Bacon Part Two

Here we are, bacon part two! If you missed last week’s bacon article this week should make up for it. Bacon recipes are in this week’s edition. It doesn’t get any better than this. Throw out those M & M’s in the candy dish and puts some fresh crisp bacon out! You’ll probably have more new friends pop in to visit than you’ve ever seen.

A couple of weeks ago I had baked some bacon in the oven. Delicious bacon smells were making their way around the house. UPS pulled up and I met them at the door. After I had opened the door they UPS guy handed me my box and said, “Man that smells great! Is that bacon?”.

Different ways to cook bacon

According to Cook’s Country June/July issue in the “Getting to Know Bacon” article by Scott Kathan, bacon should never be cooked to quickly or aggressively. The reason behind this is to give the fat on the bacon time to render.

Personally, I like to bake my bacon in the oven on a rimmed baking sheet. Turn my oven to 400 degrees F and while I wait for it to heat up I slowly arrange my bacon on the tray. To save cleanup time, you can place a sheet of aluminum on the bottom. But I don’t mind the cleanup, so I have never done that. I save the grease to fry eggs in or use to jazz up cornbread.

Baking bacon in the oven is great for large batches of bacon. I like to do large batches and then place some in a container to eat at breakfast throughout the week and then I freeze the rest. If I am freezing some of the bacon, I remove those pieces earlier before they get crisp. That way I can pop them in my skillet or on the griddle and finish frying them with my eggs or pancakes.

Scott Kathan recommends cooking smaller batches of bacon by using a skillet and just enough water to barely cover it. Bring your water to a boil over high heat, and then lower the heat to medium and cook until the water has evaporated and the bacon is crispy.

Fun bacon recipes!

We can’t start bacon recipes without listing bacon jalapeno poppers! This is an oldie but a goodie. How can you go wrong with bacon and cream cheese?!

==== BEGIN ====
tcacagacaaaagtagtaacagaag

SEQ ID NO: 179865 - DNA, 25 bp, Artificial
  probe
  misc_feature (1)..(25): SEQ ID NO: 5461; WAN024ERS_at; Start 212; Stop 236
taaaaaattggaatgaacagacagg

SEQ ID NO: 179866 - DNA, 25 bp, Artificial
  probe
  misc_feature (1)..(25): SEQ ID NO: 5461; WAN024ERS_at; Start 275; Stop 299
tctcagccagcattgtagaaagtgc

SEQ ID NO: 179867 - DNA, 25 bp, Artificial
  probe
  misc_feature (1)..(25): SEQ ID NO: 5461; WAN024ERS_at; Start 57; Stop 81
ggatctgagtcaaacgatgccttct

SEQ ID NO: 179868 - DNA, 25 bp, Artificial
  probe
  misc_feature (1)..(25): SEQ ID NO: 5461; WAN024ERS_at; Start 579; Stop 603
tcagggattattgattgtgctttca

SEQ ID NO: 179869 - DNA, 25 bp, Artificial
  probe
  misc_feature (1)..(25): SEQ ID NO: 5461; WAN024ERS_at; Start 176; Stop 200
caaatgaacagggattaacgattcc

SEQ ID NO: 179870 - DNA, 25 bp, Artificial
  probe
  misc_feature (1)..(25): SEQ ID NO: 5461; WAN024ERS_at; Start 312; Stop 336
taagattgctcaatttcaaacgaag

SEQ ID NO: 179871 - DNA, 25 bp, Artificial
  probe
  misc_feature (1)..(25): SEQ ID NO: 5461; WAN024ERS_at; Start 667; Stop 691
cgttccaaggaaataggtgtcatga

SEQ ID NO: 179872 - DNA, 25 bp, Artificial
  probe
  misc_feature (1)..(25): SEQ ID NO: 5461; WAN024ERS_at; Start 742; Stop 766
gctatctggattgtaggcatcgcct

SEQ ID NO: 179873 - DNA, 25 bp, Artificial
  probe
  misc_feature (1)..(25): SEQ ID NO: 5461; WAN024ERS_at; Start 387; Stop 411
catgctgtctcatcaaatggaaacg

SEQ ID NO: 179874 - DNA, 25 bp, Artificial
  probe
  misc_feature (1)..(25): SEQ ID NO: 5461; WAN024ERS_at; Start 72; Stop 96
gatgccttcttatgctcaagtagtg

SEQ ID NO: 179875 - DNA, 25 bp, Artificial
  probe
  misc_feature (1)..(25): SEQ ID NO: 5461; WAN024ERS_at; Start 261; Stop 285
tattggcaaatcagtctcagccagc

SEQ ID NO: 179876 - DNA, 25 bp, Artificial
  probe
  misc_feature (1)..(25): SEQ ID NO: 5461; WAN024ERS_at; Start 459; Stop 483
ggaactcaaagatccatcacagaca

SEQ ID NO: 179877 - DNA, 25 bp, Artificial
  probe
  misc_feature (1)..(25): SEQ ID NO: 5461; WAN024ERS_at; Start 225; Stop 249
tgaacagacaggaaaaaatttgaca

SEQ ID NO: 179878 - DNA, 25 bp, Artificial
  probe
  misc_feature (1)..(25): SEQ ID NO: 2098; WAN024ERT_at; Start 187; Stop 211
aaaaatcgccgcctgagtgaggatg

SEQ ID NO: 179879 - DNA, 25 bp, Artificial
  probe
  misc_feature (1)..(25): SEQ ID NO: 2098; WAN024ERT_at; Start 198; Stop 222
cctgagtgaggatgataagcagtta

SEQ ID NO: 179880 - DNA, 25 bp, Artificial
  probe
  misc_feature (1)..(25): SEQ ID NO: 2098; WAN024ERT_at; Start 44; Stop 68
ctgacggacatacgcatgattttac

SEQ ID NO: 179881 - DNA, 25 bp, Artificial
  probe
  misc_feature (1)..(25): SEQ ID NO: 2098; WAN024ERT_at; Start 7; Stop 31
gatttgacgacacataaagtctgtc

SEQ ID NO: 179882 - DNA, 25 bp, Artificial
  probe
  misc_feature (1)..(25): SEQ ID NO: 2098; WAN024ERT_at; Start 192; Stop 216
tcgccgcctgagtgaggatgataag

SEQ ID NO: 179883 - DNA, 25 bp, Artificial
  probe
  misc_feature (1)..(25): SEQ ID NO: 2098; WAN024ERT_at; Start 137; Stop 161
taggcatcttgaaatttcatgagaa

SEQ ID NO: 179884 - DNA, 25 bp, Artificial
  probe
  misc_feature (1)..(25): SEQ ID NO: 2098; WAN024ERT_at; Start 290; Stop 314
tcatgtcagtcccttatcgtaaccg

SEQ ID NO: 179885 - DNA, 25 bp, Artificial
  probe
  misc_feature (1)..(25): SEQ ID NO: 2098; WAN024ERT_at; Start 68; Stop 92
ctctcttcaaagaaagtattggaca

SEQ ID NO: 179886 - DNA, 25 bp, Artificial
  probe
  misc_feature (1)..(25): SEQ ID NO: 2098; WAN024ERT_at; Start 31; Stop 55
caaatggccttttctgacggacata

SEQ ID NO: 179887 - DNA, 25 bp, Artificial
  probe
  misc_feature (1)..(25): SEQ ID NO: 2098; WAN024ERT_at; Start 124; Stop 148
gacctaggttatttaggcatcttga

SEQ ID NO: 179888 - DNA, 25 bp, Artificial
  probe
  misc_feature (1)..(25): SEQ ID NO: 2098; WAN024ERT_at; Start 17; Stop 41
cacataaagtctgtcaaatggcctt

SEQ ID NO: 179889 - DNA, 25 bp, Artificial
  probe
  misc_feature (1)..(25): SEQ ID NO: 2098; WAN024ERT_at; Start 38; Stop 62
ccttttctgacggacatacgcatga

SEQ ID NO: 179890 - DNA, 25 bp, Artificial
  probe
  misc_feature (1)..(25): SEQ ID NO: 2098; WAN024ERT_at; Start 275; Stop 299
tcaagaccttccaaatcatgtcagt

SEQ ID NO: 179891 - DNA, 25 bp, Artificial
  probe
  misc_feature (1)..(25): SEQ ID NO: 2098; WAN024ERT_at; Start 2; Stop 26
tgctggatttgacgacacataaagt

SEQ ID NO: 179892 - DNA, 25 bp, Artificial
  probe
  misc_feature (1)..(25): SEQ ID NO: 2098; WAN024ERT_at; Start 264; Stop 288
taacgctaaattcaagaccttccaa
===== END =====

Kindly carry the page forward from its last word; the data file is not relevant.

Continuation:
Bacon Jalapeno Poppers

jalapeno
Image by Ray Shrewsberry from Pixabay

Ingredients- makes 12 poppers

  • 12 slices thick-cut bacon
  • 12 jalapeno peppers- a good size would be a 3-inch pepper
  • 1/2 cup cream cheese
  • 1/2 cup shredded sharp cheddar or shredded Monterey jack

Directions

Turn your oven on to 400 degrees F and line a rimmed baking sheet with aluminium foil.

safely cutting jalapenos with gloves
Image by Robyn Wright from Pixabay

Before touching your jalapeno’s FIRST– put on food service gloves to prevent the oil from the jalapeno getting on your hand and then accidentally touching your face or eyes! Take your jalapeno peppers and cut them lengthwise, remove the seeds and membranes. I like to use the tip of a teaspoon to help scrape and remove.

Next, in a mixing bowl, mix together your cream cheese and shredded sharp cheddar until well blended. Take each jalapeno half and fill them with the cream cheese and cheese mixture. Put each half back together and then take a strip of bacon and wrap it around the jalapeno (it’s a bacon seat belt for all the delicious cream cheese) and lay them seam side down in the baking sheet. If your bacon isn’t holding well, take a toothpick and push it through the bacon into the jalapeno and back out the other side securing the bacon to the jalapeno.

Place your baking sheet of bacon jalapeno poppers into the 400-degree oven for 15 minutes, or until the bacon is crispy. Enjoy!

Bacon Wrapped Water Chestnuts – Julie Bahr

This is a great recipe from my old “Stampin Up!” demonstrator Julie Bahr… she has no idea her recipe is about to hit the newspaper!

Ingredients

  • 3 cans whole water chestnuts
  • 1 package hickory smoked bacon
  • brown sugar

Directions

Drain the 2 cans of water chestnuts and set aside the juice and then drain and dispose of the juice from the 3rd can. Put the 2 cans of juice in a mixing bowl. Add just enough brown sugar to turn the juice a nice brown color. Add water chestnuts into the brown sugar mixtures. Marinate them overnight.

Take the bacon and cut into half or thirds depending on the size of the water chestnuts. Take each marinated water chestnut and wrap a piece of bacon around and stick a toothpick in to hold it. Place them on a broiler pan and broil them until they are nice and brown. Place broiled bacon-wrapped chestnuts in a slow cooker to keep them warm. Enjoy!

More Recipes to look up

bacon wrapped green beans
Image by RitaE from Pixabay

There are many interesting bacon recipes… give these a try: